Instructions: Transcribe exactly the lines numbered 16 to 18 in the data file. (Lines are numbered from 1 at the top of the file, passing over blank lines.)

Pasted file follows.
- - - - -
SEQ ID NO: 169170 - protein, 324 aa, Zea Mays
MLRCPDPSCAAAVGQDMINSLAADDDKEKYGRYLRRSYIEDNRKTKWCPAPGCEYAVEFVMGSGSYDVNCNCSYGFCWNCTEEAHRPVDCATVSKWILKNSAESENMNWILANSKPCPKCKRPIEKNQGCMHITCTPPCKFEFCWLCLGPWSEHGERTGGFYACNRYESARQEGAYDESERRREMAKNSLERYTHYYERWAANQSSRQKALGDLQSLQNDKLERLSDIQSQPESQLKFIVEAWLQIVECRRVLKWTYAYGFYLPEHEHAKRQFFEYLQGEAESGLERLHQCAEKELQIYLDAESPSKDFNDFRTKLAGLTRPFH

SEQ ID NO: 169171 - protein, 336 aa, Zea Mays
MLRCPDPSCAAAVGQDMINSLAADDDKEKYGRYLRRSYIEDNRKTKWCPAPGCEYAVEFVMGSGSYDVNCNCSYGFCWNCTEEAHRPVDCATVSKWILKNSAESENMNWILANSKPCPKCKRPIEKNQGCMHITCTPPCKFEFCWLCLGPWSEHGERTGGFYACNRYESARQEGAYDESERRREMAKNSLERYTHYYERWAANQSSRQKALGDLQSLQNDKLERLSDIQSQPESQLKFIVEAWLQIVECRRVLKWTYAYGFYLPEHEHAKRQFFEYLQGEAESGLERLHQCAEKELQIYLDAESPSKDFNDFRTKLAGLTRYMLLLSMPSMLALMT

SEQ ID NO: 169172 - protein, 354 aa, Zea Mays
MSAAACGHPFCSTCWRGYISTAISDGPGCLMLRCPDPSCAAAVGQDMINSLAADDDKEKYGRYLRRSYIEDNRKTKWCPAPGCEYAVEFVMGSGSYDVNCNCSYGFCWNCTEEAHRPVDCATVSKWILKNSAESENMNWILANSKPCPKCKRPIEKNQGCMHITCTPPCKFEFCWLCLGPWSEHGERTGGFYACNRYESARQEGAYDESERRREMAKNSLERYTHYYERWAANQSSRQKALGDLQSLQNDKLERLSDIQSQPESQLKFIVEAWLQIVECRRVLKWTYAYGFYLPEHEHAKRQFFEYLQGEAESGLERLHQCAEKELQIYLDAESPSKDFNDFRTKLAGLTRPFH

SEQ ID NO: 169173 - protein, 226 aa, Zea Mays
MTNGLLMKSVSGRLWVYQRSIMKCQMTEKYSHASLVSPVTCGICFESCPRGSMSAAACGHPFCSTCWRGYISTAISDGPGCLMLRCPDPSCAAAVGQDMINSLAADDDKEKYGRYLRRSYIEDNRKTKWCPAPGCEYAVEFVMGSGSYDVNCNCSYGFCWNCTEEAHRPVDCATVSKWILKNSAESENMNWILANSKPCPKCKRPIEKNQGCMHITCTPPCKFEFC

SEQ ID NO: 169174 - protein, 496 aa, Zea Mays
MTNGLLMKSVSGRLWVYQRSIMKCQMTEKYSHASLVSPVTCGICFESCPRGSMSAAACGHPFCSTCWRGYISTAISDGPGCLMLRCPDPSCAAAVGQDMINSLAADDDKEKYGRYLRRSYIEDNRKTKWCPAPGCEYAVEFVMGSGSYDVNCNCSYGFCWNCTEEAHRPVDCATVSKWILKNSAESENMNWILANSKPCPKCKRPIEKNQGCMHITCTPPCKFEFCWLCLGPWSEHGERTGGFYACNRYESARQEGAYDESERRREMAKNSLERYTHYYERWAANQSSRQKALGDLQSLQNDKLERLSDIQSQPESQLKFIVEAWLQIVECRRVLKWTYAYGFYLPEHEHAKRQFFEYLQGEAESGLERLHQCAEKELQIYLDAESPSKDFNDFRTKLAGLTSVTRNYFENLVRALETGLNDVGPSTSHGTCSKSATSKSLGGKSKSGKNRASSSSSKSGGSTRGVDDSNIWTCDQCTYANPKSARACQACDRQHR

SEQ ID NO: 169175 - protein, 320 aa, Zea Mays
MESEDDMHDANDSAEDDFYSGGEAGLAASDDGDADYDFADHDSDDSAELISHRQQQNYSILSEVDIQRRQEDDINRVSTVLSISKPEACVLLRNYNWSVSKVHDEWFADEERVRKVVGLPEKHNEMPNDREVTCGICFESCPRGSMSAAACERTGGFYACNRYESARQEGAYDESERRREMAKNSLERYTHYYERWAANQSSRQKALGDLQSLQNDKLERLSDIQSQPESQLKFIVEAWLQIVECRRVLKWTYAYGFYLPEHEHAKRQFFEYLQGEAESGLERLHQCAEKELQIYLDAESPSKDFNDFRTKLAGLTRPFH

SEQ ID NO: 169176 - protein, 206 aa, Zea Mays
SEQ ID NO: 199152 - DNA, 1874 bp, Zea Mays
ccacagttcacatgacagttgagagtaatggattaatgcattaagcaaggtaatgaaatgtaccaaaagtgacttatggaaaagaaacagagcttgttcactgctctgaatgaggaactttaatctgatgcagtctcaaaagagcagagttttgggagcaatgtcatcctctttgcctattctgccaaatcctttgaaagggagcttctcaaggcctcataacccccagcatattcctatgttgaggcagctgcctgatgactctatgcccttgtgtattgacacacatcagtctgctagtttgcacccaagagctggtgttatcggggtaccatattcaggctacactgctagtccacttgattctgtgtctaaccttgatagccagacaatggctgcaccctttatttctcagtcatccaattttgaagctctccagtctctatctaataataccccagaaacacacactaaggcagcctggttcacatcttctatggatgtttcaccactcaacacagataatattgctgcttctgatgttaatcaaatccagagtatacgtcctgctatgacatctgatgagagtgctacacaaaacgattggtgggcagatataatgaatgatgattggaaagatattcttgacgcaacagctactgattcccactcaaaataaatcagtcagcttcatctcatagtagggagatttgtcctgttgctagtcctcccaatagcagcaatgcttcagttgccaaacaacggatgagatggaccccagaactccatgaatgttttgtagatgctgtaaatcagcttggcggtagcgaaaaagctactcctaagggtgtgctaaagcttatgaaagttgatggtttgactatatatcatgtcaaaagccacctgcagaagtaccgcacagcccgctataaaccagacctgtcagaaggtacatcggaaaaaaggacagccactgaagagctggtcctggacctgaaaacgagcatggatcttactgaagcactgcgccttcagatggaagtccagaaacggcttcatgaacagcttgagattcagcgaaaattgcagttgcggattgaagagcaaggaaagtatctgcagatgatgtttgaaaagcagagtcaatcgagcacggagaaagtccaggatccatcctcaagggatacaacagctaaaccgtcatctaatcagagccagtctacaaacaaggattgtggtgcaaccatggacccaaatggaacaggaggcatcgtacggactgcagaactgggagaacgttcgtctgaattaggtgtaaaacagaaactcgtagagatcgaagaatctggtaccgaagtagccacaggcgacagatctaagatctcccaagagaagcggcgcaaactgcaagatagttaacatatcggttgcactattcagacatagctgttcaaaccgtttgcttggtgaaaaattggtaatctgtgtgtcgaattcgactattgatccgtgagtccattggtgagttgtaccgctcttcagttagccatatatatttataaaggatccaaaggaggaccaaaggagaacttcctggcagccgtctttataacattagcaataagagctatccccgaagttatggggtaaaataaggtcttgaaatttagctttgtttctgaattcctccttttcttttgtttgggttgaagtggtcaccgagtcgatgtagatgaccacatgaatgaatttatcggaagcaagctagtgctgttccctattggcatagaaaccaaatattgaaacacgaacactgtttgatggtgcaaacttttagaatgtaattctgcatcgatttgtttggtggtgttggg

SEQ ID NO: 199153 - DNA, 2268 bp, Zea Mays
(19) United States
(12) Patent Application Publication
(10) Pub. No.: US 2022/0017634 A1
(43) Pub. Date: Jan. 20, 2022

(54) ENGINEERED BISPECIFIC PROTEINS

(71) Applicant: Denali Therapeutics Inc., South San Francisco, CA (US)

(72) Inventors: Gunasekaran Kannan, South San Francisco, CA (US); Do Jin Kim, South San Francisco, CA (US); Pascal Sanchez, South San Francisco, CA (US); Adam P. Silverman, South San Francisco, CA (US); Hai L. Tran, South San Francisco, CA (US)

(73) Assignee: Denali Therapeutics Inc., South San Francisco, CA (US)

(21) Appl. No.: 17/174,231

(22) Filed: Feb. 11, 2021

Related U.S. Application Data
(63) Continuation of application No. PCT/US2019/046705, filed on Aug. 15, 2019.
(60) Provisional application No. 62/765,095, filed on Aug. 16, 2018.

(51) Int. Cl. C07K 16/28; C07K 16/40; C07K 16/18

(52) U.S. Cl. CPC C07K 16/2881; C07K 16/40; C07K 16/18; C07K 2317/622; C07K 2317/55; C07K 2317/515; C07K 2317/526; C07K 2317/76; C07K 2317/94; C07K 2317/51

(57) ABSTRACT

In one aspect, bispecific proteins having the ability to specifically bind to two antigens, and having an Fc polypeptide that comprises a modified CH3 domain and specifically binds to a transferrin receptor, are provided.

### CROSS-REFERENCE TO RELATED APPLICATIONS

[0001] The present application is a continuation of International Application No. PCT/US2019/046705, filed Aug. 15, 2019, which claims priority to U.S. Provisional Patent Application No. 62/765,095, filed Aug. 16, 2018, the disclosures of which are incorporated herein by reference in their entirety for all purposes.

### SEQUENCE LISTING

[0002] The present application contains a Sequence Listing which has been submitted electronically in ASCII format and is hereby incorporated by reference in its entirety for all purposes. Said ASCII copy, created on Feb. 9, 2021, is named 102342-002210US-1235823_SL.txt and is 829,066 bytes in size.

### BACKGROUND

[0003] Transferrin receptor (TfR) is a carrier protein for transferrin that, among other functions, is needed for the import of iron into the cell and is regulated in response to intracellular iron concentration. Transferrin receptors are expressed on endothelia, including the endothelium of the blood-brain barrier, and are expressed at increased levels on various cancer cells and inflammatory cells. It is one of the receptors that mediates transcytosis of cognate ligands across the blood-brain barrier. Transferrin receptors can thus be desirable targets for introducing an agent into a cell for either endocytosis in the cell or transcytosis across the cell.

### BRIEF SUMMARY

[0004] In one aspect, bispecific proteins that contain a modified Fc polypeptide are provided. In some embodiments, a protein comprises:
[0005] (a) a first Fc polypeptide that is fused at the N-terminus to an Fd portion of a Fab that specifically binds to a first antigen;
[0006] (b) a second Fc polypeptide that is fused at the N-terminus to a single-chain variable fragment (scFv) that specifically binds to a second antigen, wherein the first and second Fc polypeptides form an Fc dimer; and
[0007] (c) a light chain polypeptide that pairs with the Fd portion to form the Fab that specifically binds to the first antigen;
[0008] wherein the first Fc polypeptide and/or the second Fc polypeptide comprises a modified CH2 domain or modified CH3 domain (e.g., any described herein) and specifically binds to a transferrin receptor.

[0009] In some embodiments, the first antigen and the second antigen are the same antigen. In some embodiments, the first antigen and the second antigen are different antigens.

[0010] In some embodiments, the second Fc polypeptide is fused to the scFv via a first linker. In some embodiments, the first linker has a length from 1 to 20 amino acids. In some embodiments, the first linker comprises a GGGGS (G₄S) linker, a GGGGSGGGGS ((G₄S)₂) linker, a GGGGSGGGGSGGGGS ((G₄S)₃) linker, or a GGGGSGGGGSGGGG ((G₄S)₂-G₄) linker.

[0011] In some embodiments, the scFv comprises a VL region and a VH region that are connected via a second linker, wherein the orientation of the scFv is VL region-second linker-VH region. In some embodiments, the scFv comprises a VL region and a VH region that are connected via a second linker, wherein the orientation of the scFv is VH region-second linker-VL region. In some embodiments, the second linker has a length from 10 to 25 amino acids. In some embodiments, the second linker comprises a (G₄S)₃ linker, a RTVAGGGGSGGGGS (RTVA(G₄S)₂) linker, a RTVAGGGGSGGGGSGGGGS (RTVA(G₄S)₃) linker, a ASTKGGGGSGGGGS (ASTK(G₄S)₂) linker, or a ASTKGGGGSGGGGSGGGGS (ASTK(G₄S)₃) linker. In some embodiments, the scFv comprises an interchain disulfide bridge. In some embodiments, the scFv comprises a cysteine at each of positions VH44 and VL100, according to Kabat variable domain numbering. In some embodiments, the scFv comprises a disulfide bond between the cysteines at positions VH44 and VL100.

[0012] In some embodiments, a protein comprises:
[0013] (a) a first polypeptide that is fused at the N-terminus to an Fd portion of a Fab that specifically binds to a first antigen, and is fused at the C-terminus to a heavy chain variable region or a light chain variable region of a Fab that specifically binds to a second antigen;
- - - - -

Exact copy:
SEQ ID NO: 199153 - DNA, 2268 bp, Zea Mays
(19) United States
(12) Patent Application Publication